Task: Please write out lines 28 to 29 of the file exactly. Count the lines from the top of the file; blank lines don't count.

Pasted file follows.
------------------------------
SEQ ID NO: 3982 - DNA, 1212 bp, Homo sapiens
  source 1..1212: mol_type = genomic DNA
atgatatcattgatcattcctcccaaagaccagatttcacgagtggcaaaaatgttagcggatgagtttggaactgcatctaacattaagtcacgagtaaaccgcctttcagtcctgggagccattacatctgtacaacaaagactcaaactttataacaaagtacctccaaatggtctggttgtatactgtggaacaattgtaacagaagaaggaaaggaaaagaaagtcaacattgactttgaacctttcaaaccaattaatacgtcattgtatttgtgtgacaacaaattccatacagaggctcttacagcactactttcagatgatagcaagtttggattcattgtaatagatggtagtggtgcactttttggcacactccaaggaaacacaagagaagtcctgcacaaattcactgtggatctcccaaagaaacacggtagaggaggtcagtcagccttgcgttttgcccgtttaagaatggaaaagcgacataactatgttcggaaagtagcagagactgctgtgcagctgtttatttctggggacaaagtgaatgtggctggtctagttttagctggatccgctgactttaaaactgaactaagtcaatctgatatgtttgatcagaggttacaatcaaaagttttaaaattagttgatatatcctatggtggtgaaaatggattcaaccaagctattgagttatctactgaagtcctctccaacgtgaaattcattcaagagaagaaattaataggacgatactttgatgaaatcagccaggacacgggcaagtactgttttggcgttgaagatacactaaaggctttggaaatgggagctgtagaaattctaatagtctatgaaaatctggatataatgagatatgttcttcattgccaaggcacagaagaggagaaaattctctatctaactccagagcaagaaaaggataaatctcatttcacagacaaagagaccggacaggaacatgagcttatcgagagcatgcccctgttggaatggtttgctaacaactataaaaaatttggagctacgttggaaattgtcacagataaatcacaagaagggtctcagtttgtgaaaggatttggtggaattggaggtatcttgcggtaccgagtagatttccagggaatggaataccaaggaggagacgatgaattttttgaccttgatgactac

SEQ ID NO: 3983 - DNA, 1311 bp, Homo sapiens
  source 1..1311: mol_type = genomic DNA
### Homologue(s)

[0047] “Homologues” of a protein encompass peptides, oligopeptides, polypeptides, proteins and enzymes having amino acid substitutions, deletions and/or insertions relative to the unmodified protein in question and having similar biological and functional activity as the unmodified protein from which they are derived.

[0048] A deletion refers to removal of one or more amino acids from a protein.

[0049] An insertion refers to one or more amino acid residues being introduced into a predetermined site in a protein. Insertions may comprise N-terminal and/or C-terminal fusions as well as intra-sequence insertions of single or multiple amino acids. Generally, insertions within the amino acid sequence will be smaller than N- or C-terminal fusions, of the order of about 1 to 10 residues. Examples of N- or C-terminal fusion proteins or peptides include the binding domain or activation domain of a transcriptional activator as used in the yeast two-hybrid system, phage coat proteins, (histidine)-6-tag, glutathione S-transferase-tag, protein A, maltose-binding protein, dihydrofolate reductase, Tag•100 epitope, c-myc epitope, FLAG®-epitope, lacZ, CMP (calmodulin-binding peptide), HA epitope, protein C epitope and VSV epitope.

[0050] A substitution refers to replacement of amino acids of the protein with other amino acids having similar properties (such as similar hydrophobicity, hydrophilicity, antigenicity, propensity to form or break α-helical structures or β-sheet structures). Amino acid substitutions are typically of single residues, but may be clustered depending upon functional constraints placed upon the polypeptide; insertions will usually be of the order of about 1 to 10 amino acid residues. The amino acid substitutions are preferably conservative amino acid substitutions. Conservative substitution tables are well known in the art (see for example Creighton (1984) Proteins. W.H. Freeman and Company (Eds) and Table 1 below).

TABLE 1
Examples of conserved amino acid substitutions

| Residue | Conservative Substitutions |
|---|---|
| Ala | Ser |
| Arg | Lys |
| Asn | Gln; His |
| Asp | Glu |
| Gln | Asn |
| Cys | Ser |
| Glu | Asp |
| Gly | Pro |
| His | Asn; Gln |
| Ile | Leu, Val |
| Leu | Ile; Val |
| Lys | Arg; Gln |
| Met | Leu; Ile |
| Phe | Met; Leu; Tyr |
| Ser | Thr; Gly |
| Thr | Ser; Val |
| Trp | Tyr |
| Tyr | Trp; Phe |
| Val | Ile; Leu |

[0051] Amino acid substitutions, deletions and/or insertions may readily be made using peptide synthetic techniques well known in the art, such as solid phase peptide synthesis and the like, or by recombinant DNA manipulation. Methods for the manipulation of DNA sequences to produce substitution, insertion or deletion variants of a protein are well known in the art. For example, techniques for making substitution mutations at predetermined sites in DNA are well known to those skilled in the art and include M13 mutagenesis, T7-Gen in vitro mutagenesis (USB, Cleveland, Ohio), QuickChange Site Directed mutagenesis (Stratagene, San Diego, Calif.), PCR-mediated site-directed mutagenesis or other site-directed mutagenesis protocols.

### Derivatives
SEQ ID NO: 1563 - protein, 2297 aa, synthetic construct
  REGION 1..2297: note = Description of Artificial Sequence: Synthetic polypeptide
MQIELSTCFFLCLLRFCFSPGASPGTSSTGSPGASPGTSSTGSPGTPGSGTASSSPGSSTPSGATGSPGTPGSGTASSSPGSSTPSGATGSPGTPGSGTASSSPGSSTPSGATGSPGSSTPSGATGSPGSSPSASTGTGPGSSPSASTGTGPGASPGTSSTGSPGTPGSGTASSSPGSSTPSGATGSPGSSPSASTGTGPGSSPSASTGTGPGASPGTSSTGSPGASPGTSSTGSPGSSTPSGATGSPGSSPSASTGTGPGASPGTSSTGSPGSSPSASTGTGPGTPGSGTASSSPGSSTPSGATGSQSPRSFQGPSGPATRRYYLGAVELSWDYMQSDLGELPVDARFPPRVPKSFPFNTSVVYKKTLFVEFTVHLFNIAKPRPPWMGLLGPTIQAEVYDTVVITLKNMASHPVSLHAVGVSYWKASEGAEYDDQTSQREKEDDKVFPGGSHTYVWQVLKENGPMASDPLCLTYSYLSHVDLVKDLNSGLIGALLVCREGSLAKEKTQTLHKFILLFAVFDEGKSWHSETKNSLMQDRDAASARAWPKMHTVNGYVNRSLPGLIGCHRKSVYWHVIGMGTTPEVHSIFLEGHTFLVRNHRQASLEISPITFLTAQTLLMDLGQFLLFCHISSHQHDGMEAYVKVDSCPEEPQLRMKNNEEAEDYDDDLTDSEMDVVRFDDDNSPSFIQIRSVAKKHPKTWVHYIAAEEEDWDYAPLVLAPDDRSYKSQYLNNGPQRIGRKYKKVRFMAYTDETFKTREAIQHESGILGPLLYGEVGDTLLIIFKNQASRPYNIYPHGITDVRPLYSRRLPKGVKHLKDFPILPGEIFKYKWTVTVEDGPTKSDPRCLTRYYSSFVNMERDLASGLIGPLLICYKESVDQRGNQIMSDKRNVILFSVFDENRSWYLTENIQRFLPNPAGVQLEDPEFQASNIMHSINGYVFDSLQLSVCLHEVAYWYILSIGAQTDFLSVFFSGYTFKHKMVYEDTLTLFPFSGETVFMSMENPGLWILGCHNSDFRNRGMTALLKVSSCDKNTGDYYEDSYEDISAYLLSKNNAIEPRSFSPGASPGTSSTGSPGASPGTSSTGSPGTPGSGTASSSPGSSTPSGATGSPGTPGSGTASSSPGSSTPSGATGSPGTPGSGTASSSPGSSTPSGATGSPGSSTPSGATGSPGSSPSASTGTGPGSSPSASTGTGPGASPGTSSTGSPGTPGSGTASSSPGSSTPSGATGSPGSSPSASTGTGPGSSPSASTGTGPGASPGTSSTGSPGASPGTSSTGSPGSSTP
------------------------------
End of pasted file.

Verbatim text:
| Phe | Met; Leu; Tyr |
| Ser | Thr; Gly |